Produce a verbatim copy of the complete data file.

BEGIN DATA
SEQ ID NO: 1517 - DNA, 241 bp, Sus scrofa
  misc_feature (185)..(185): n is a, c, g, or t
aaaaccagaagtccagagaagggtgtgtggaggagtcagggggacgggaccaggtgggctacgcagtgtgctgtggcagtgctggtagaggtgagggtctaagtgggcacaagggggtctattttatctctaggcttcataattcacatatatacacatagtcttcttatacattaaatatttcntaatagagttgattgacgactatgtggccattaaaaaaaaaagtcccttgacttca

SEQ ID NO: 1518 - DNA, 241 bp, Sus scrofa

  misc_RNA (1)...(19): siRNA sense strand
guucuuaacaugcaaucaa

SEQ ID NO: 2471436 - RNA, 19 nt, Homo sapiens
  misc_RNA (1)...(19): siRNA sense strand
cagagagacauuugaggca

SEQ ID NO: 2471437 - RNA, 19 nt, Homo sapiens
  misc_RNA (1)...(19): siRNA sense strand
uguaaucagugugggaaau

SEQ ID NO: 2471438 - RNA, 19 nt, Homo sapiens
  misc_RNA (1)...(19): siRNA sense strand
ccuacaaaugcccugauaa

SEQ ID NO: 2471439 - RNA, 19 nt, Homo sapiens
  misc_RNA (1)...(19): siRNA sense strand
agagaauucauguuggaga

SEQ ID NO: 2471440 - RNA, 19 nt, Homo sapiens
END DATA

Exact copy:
SEQ ID NO: 1517 - DNA, 241 bp, Sus scrofa
  misc_feature (185)..(185): n is a, c, g, or t
aaaaccagaagtccagagaagggtgtgtggaggagtcagggggacgggaccaggtgggctacgcagtgtgctgtggcagtgctggtagaggtgagggtctaagtgggcacaagggggtctattttatctctaggcttcataattcacatatatacacatagtcttcttatacattaaatatttcntaatagagttgattgacgactatgtggccattaaaaaaaaaagtcccttgacttca

SEQ ID NO: 1518 - DNA, 241 bp, Sus scrofa

  misc_RNA (1)...(19): siRNA sense strand
guucuuaacaugcaaucaa

SEQ ID NO: 2471436 - RNA, 19 nt, Homo sapiens
  misc_RNA (1)...(19): siRNA sense strand
cagagagacauuugaggca

SEQ ID NO: 2471437 - RNA, 19 nt, Homo sapiens
  misc_RNA (1)...(19): siRNA sense strand
uguaaucagugugggaaau

SEQ ID NO: 2471438 - RNA, 19 nt, Homo sapiens
  misc_RNA (1)...(19): siRNA sense strand
ccuacaaaugcccugauaa

SEQ ID NO: 2471439 - RNA, 19 nt, Homo sapiens
  misc_RNA (1)...(19): siRNA sense strand
agagaauucauguuggaga

SEQ ID NO: 2471440 - RNA, 19 nt, Homo sapiens